(Submit Articles) Large end-user interest in participating in the renewable power market continues to grow. Google, for example, recently reached an agreement to buy the output of a large wind farm in Iowa, owned by NextEra. Recent data from EPA’s Green Power Partnership shows that leading organizations “” from Fortune 500 companies to local, state and federal governments and a growing number of colleges and universities ““ are buying green electricity and Renewable Energy Certificates (RECs). The combined annual purchases of the 50 largest buyers in EPA’s Green Power Partnership amounted to over 12.3 billion kilowatt-hours.
However, despite the significant and laudable commitment of these organizations, many of the current purchasing arrangements do not help them realize the full value of renewables. These agreements tend to fall into one of the following categories: (a) Purchase of green electricity from a provider; (b) Displacement of retail purchases through a single on-site project (e.g., a roof-top solar unit); or (c) Purchase of RECs from a provider. However, these arrangements do not effectively position end-users to capture three important sources of value:
* Hedge Value. Direct ownership of solar or wind generation assets (either in full or in part) provides a hedge against escalating electricity prices that are driven by inflation in fossil fuel prices. They also offer a hedge against future carbon prices.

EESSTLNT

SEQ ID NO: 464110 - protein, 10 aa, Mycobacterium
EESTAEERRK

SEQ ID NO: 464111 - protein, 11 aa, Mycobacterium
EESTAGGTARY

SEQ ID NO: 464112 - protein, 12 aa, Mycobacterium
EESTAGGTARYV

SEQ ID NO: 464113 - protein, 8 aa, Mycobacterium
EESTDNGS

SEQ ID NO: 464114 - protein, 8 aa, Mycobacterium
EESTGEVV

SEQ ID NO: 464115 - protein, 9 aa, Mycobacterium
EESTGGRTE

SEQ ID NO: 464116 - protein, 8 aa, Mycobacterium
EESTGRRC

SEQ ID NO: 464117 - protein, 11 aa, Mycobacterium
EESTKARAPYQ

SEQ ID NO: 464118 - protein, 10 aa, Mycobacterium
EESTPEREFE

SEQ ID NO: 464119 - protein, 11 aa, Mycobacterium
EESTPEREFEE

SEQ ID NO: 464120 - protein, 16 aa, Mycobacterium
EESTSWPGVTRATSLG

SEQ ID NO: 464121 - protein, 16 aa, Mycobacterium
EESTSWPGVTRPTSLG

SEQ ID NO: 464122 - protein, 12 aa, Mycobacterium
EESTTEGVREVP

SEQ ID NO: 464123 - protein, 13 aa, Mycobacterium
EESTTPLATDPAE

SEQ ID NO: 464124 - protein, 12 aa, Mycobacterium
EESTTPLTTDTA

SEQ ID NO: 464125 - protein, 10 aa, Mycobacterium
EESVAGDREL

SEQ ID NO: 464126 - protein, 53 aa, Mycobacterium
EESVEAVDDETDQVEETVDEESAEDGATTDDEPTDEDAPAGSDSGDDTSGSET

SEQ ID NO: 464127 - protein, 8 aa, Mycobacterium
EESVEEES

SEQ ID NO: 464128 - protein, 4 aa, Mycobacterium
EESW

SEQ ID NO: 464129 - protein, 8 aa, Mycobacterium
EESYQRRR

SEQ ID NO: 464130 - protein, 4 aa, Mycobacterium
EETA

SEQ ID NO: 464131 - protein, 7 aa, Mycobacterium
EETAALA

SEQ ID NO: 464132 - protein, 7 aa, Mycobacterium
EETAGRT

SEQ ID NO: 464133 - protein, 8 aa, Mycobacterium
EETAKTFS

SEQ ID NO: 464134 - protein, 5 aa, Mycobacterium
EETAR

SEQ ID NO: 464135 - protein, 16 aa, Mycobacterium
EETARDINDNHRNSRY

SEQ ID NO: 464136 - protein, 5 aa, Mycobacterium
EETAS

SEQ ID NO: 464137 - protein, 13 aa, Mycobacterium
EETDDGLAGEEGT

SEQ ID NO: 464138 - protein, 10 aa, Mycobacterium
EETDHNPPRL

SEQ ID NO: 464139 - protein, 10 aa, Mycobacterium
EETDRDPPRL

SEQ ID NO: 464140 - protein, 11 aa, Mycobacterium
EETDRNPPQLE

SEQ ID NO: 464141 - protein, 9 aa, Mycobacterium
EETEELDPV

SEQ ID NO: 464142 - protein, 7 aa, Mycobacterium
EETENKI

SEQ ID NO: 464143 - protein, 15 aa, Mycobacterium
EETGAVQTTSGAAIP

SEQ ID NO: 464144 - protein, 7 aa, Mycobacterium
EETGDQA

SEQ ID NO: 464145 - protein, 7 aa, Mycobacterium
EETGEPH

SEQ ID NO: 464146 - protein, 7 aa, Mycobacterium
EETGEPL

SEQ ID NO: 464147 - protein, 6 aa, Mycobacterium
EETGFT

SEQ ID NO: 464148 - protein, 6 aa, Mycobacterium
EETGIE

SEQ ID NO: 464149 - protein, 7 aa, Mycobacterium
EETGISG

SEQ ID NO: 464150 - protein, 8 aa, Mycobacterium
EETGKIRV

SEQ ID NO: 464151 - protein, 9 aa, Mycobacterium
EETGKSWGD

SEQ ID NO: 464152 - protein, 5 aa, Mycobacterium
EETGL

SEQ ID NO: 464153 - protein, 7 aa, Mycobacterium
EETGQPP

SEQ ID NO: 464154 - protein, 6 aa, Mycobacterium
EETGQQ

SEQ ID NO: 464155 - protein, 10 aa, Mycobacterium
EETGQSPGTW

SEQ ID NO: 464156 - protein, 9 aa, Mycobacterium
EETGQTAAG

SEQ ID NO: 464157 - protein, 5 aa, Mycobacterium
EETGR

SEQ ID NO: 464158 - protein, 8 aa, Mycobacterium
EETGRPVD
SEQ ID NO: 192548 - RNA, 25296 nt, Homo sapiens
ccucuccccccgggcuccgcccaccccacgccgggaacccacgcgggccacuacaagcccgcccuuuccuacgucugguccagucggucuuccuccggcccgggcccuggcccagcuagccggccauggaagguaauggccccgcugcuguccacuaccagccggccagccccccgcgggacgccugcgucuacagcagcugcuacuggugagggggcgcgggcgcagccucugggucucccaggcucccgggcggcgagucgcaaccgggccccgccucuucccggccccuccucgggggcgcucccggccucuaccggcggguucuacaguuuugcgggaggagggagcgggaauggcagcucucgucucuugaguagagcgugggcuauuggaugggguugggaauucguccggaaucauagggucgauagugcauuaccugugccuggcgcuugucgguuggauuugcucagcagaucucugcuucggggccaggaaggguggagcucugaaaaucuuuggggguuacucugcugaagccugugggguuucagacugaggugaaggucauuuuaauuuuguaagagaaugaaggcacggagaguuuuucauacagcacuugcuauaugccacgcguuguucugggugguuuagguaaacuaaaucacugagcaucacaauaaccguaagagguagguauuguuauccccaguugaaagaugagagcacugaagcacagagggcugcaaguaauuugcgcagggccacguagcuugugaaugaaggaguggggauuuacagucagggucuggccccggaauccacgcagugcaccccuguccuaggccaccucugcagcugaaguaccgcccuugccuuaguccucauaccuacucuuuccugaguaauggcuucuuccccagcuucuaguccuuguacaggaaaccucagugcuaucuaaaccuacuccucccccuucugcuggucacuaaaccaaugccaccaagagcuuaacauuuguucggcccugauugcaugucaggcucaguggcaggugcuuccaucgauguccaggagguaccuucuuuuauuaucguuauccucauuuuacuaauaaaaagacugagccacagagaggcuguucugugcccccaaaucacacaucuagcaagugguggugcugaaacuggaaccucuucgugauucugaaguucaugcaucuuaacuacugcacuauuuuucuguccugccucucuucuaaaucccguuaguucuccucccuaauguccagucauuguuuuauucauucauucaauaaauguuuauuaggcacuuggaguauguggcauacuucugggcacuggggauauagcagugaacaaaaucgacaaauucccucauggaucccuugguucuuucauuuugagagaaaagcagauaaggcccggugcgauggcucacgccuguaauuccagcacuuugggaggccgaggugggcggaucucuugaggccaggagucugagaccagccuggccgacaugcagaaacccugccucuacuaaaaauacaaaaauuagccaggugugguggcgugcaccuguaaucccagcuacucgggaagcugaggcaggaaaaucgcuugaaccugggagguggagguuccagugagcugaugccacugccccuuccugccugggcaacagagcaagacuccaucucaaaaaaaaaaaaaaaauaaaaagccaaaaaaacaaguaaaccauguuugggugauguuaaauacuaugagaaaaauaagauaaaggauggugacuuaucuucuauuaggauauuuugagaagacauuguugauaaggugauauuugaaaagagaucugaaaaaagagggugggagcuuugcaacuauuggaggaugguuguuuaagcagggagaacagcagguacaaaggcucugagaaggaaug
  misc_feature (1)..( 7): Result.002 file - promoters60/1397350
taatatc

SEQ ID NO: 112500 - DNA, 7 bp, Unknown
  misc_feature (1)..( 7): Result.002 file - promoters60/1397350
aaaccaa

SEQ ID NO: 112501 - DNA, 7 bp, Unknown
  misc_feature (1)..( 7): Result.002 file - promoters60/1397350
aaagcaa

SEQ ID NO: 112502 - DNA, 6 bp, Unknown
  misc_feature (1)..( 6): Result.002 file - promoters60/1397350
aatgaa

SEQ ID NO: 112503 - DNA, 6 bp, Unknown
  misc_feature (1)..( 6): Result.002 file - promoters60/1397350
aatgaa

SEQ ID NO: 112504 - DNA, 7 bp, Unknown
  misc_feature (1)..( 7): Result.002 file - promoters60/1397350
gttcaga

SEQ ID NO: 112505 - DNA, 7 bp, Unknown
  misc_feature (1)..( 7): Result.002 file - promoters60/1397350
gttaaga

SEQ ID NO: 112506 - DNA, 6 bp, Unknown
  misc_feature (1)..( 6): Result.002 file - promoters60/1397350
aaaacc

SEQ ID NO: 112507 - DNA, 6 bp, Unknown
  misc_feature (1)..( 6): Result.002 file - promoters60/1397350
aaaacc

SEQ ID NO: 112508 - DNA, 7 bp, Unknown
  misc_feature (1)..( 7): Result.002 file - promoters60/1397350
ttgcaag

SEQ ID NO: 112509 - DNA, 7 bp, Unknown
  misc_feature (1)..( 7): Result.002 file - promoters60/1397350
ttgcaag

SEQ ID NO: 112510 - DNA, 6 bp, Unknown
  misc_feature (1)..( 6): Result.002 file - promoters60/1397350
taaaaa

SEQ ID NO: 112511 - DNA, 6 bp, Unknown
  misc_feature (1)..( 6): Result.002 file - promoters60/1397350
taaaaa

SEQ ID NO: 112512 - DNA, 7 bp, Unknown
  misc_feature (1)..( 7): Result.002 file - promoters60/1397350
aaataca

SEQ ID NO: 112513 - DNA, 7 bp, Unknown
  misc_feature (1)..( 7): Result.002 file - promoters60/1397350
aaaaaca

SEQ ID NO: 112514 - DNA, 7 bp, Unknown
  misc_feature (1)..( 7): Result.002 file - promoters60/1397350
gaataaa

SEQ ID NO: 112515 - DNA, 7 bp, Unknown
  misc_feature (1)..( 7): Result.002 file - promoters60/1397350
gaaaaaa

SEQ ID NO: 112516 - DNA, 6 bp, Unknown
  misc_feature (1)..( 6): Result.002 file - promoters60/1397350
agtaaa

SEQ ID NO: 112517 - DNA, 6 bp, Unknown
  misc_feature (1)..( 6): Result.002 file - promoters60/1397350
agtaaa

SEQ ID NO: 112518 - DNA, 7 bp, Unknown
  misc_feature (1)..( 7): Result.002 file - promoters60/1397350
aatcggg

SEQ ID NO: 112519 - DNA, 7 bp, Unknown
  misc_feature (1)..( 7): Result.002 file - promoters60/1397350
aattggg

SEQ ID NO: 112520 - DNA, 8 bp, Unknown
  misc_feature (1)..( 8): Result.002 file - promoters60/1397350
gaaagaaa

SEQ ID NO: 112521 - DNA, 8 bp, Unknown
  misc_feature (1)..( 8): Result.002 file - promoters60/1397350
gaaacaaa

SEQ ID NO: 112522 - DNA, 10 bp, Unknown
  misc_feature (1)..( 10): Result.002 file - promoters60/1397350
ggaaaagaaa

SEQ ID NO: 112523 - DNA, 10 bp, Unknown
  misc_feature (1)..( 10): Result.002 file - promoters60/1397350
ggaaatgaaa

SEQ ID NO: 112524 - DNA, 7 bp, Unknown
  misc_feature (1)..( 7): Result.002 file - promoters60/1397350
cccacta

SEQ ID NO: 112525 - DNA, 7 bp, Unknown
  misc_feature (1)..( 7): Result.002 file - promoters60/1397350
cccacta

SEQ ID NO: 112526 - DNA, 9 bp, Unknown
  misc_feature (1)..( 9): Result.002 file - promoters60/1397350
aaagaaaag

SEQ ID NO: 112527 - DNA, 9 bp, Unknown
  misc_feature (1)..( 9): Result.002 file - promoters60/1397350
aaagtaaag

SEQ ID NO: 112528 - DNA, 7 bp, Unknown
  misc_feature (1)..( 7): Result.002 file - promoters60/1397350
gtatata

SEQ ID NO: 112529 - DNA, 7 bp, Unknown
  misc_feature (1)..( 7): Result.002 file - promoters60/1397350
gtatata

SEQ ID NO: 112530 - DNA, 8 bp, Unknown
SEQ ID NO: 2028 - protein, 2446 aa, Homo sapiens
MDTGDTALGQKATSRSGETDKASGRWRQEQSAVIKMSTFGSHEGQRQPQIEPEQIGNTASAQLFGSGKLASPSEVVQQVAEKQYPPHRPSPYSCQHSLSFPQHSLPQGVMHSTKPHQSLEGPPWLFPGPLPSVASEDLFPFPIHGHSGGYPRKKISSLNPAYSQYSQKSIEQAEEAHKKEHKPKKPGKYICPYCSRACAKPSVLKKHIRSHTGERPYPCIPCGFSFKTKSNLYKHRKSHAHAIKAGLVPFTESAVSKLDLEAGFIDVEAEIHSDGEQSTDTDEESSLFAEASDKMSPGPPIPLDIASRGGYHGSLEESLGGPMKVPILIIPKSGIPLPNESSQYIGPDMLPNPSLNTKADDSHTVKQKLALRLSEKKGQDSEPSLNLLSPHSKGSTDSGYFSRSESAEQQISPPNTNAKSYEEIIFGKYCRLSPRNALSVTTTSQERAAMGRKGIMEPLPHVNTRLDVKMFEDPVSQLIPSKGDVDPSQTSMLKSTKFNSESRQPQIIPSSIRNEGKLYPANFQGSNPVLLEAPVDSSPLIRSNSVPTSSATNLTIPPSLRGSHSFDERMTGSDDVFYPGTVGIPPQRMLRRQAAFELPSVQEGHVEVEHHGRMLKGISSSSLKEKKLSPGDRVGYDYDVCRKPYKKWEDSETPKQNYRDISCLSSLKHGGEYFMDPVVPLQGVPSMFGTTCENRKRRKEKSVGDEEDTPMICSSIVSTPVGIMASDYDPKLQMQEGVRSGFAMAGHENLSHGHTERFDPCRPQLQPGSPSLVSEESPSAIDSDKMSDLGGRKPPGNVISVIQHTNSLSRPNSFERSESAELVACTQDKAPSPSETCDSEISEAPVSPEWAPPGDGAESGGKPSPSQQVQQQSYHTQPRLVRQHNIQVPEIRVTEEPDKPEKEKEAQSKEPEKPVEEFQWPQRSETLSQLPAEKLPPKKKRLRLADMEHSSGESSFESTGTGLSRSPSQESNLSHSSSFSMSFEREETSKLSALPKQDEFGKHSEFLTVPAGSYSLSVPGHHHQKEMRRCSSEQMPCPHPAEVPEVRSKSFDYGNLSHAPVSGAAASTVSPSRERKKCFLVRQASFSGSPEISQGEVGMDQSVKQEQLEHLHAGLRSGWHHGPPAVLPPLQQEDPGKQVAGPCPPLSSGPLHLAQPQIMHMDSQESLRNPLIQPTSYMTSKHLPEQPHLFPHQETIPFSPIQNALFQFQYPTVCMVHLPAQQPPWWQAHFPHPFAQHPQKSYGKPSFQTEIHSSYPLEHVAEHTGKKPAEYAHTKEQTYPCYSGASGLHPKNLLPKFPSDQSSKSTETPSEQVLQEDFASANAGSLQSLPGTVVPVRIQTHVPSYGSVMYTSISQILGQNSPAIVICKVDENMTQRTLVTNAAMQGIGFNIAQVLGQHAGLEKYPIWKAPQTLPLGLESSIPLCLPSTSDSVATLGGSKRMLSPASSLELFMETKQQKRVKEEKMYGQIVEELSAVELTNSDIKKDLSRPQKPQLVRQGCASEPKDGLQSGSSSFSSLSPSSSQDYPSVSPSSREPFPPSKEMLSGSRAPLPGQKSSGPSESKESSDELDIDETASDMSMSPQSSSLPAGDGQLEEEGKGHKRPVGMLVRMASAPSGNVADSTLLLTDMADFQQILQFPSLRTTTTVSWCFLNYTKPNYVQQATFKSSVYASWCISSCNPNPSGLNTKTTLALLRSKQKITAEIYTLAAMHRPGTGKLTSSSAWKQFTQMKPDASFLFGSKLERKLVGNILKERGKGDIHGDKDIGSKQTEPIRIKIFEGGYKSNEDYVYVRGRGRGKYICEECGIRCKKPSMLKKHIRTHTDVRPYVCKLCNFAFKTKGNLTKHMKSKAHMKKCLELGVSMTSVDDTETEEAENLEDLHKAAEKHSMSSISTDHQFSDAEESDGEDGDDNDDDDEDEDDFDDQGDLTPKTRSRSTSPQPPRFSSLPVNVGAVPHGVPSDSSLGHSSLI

* Other Economic Benefits. Under most common structures, the lion’s share of benefits like cost savings, tax benefits, government incentives accrue to equity investors. In an equity-like position, these benefits would flow directly to end consumers.
* Brand Value. In most cases, REC purchases alone limit the impact organizations can have transforming the green energy landscape.
Recognizing these shortcomings, CustomerFirstRenewables (CFR) was formed in early 2010 to help organizations achieve their energy goals with tailored and profitable renewable power supply solutions. It also provides a compelling return on investment.
CFR starts the process by developing a clear understanding of customer needs. Because CFR’s proposal development process is highly-collaborative, it also builds organizational buy-in and momentum for the agreed solution. CFR leverages its network of value chain partners to deliver the solution and ensure it delivers attractive benefits over the life of the renewable assets.
To know more about renewable power supply solutions offered by CustomerFirstRenewables, log on to http://www.customerfirstrenewables.com
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